1446 GMT Speculation is high over what happens now. With no official reaction yet from the Liberal Democrats on Cameron or Brown's statement's we're left with a few tweets to get an idea for what they're thinking. According to this website, a number of Lib Dems have already tweeted against Cameron's proposal, with comments such as :  “Completely against. Electoral reform is a must for any lib dem support.”

1406 GMT Cameron has offered the Liberal Democrats the chance to find some common ground, but will his offer be enough? Despite the offer of some concessions, he said the Tories will stick to their position on refusing to further transfer powers from London to the European Union, and a commitment to maintaining Britain's nuclear deterrent - two policies the Lib Dems have previously contested.


1330 GMT As we anxiously await a statement from David Cameron, leader of the Conservatives, let's go back and take a look at Brown's comments from earlier. (Courtesy of the Press Association)

I understand and completely respect the position of Mr Clegg in stating that he wishes first to make contact with the leader of the Conservative Party.
"Mr Cameron and Mr Clegg should clearly be entitled to take as much time as they feel necessary.

For my part, I should make clear that I would be willing to see any of the party leaders.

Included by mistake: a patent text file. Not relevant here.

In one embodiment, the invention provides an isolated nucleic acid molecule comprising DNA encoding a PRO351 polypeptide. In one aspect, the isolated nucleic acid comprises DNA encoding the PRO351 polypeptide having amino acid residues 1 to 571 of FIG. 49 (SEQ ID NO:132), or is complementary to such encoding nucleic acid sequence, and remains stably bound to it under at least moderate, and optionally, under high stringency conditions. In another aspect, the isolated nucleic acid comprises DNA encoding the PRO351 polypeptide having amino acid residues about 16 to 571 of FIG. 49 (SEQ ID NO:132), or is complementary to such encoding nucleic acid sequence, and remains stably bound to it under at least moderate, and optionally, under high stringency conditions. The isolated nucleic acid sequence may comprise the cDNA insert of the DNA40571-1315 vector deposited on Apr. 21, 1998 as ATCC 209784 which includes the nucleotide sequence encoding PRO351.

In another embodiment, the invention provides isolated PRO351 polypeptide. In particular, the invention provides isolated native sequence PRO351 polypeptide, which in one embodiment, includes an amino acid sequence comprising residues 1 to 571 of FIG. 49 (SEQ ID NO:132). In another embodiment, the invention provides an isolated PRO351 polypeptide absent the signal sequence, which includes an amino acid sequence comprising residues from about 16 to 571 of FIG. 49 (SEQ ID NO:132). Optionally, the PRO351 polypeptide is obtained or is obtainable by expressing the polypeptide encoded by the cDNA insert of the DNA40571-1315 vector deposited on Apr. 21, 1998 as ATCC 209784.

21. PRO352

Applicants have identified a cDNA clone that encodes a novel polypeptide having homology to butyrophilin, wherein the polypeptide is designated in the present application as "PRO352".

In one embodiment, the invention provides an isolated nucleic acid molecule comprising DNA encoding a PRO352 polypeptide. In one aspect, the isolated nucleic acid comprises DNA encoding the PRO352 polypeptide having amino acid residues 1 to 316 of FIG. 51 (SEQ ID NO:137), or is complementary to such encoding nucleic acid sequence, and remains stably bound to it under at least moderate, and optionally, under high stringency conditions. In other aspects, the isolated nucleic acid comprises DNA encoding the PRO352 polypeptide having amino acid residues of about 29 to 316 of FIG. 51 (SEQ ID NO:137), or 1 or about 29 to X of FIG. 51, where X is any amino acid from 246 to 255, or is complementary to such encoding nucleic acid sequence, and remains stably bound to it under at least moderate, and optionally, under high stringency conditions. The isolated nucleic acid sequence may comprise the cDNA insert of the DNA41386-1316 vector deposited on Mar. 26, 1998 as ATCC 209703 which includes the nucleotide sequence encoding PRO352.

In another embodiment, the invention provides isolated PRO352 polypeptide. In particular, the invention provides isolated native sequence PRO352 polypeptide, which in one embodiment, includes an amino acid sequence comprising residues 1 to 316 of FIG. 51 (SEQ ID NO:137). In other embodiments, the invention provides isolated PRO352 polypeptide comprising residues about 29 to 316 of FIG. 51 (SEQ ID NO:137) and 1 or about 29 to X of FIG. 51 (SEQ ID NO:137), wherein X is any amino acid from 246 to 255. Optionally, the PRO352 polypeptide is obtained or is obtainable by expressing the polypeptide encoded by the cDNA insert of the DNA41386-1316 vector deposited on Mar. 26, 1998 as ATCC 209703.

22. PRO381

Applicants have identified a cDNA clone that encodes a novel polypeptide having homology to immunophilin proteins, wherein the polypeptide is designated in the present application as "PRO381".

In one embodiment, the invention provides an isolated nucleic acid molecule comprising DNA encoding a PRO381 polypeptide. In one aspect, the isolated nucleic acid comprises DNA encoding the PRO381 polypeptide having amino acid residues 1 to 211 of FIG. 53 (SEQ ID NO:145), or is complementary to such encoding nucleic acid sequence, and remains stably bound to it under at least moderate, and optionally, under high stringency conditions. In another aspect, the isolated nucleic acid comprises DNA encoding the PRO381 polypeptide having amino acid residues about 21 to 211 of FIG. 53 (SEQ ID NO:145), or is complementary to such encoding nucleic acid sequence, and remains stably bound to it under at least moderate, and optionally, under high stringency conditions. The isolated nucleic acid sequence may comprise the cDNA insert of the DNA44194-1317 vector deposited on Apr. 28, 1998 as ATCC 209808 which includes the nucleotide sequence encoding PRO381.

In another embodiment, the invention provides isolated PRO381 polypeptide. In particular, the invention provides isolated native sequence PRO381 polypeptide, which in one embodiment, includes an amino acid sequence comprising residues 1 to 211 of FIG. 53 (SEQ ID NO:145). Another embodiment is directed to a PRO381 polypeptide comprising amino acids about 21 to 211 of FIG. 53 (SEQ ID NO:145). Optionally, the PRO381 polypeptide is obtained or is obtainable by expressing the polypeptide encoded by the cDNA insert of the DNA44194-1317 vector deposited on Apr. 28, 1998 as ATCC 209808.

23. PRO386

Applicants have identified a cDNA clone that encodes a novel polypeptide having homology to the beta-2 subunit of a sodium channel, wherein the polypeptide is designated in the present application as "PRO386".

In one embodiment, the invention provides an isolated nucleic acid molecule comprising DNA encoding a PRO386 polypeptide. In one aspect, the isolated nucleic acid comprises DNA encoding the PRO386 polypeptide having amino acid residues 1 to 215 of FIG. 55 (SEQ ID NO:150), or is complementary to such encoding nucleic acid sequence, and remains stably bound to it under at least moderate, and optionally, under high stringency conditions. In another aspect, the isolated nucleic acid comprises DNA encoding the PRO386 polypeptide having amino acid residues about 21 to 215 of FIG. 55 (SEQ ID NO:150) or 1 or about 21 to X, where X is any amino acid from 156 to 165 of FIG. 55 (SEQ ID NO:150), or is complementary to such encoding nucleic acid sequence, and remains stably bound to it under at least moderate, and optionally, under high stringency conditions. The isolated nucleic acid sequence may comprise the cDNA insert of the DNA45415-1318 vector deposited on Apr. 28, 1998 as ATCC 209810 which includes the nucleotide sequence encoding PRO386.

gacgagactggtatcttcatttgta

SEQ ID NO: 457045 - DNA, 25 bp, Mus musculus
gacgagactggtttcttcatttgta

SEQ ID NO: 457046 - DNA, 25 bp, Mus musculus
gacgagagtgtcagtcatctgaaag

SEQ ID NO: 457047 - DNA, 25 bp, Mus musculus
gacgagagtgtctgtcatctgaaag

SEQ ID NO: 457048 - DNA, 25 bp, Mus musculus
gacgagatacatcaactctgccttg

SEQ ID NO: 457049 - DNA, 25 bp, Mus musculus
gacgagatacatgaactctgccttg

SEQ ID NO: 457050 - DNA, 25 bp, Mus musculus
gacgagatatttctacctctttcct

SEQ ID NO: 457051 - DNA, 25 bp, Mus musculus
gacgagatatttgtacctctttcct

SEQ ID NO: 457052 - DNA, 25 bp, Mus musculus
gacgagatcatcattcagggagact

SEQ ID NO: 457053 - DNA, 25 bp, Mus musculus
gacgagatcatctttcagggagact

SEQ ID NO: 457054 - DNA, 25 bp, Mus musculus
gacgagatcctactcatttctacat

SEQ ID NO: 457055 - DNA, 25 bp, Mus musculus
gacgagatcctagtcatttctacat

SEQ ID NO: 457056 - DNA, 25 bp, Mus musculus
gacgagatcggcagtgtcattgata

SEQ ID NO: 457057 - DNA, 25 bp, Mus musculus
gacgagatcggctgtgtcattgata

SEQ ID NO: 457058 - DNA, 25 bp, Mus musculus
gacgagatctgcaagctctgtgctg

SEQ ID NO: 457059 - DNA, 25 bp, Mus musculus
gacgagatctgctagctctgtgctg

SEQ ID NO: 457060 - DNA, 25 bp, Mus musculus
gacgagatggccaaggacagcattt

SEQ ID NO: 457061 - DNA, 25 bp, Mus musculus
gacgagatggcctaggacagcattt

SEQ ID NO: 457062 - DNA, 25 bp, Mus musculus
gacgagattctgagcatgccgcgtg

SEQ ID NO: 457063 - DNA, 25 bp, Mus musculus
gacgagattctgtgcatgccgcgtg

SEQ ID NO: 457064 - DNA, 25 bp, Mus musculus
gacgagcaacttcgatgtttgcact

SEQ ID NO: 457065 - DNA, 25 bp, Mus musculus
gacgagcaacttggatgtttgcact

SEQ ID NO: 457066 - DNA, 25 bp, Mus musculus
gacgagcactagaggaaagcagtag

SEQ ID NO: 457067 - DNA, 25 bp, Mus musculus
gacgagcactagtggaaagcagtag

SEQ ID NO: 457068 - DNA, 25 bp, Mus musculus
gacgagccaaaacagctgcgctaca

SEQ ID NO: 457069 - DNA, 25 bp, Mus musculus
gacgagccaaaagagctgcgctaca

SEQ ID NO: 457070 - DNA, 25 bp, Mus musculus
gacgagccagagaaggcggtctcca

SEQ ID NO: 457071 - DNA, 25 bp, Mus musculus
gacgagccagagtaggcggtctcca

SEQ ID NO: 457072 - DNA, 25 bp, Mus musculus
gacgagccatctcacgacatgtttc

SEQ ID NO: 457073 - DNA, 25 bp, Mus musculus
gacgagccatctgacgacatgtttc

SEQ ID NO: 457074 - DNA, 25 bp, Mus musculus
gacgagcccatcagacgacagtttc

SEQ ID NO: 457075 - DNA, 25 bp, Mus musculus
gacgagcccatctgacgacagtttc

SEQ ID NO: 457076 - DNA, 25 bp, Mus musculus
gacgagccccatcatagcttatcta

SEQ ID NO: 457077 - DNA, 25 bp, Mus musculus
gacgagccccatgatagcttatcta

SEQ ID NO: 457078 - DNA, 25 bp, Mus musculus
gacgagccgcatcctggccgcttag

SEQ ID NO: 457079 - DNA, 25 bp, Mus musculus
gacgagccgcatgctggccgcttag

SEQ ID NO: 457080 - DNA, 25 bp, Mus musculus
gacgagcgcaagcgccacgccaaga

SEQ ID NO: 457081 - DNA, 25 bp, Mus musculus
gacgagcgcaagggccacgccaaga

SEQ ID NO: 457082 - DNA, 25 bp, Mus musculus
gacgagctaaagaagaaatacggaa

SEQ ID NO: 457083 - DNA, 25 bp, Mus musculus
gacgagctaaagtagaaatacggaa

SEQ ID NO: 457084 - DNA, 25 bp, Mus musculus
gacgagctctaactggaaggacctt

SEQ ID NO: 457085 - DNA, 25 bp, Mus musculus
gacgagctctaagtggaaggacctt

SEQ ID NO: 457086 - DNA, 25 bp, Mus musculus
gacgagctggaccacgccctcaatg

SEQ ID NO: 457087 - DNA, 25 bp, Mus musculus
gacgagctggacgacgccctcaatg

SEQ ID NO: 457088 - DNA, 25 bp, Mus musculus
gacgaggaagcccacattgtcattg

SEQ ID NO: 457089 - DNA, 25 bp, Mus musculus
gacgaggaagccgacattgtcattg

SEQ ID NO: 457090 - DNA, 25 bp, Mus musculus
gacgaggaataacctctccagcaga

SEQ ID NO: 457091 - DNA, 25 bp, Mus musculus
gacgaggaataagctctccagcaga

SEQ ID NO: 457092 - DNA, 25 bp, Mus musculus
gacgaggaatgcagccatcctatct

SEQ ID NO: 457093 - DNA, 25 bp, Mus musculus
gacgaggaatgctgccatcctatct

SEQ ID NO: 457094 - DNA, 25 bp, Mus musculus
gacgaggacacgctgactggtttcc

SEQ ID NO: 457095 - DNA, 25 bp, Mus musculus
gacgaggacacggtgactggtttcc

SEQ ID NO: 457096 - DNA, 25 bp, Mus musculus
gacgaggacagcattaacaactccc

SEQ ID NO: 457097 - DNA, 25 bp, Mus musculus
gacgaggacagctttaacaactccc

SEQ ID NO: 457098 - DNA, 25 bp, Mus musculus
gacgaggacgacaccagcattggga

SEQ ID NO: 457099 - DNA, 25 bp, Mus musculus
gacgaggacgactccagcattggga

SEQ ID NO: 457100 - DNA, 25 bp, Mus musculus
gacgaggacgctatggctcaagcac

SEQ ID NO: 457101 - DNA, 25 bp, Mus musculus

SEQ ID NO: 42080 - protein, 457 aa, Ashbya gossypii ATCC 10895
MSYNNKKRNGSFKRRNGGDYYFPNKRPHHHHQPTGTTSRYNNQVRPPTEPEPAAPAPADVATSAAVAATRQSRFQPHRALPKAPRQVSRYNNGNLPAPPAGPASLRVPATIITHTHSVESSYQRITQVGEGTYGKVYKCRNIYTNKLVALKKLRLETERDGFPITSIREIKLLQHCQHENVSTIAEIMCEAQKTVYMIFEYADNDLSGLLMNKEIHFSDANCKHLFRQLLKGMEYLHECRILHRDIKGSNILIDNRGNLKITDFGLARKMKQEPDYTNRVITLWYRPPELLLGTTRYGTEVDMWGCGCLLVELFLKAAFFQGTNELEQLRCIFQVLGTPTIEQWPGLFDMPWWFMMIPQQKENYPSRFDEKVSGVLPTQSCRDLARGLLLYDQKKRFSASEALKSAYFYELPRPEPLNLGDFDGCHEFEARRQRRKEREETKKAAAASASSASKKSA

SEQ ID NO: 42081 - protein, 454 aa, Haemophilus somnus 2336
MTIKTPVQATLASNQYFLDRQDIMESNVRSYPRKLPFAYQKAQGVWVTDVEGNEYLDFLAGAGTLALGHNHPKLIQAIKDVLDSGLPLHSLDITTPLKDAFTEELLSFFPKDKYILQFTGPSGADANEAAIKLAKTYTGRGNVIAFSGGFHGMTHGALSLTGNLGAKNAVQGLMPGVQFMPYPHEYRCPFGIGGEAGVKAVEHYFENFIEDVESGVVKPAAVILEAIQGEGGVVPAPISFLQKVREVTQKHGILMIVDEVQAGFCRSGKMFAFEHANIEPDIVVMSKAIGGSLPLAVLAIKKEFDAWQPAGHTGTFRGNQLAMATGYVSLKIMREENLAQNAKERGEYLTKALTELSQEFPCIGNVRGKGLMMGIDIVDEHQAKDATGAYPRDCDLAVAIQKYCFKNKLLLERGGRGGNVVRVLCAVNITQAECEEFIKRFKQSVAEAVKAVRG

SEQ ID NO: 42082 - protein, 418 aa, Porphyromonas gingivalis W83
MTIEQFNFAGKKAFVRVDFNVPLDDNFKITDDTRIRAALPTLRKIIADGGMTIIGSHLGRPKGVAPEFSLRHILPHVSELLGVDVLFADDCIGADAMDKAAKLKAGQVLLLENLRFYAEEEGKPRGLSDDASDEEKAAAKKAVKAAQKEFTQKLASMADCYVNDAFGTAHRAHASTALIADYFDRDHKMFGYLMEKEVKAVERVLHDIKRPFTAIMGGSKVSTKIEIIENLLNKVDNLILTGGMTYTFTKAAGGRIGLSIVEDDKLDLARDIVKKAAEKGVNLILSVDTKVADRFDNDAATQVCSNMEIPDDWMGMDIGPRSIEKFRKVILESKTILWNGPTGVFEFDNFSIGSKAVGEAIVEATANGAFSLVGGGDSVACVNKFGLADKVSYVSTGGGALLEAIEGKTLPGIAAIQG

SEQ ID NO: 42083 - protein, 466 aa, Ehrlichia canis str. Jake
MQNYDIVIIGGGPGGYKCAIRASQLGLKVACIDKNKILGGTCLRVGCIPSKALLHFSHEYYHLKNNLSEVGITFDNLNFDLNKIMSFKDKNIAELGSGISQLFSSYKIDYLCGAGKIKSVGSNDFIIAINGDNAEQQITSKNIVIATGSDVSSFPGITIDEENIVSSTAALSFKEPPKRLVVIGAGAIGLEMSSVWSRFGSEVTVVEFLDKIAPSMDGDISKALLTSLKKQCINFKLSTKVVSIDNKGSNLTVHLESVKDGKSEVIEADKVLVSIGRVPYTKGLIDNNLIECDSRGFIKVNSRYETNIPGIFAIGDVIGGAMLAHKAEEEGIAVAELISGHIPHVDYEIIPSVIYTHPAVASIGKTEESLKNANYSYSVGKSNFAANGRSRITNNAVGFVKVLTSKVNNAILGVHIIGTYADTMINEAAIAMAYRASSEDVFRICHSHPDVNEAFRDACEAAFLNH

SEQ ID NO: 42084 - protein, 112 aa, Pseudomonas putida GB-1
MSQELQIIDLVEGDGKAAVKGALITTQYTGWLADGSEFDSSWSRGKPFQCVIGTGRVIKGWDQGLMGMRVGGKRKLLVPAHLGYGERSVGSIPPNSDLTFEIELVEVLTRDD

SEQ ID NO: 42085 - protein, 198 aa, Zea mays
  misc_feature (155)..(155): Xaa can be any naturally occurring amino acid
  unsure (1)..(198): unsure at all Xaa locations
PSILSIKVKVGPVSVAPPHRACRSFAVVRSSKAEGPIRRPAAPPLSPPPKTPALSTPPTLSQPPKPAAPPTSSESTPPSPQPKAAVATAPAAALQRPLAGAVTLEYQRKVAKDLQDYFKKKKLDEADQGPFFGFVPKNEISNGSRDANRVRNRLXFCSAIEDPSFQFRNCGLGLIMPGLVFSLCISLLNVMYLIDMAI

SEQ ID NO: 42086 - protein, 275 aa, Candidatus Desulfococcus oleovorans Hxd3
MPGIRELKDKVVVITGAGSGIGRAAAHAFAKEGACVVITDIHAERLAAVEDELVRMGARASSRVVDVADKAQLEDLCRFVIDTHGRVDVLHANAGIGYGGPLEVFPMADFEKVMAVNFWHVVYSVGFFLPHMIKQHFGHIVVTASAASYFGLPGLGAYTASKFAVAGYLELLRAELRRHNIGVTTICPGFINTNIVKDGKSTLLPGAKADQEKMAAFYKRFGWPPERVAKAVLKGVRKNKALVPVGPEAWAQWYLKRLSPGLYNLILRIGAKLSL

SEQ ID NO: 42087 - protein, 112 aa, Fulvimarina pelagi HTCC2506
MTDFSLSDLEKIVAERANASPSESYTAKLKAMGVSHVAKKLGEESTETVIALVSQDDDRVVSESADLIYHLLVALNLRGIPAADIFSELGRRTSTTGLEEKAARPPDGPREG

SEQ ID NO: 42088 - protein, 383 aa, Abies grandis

"Clearly if the discussions between Mr Cameron and Mr Clegg come to nothing, then I would of course be prepared to discuss with Mr Clegg the areas where there may be some measure of agreement between our two parties."

1300 GMT Speaking outside Downing Street, Gordon Brown said he understood the position of Nick Clegg, Lib Dem leader, in wishing to first hold talks with the Conservatives about a power-sharing government. But he offered to hold discussions with Clegg, should his talks with Cameron "come to nothing".


1208 GMT Al Jazeera's Tim Friend, reporting from Conservative HQ, where the atmosphere is muted. "There's a certain amount of frustration and anger that they had this golden opportunity, and in some people's words, they blew it," he says.  

1149 GMT The Guardian's Seumas Milne has decided in this article that Clegg's failure to seize the chance of a Labour coalition was a mistake.

For a Lib Dem leader hoping to play kingmaker, an apparent endorsement of a minority Tory government is a sorry result.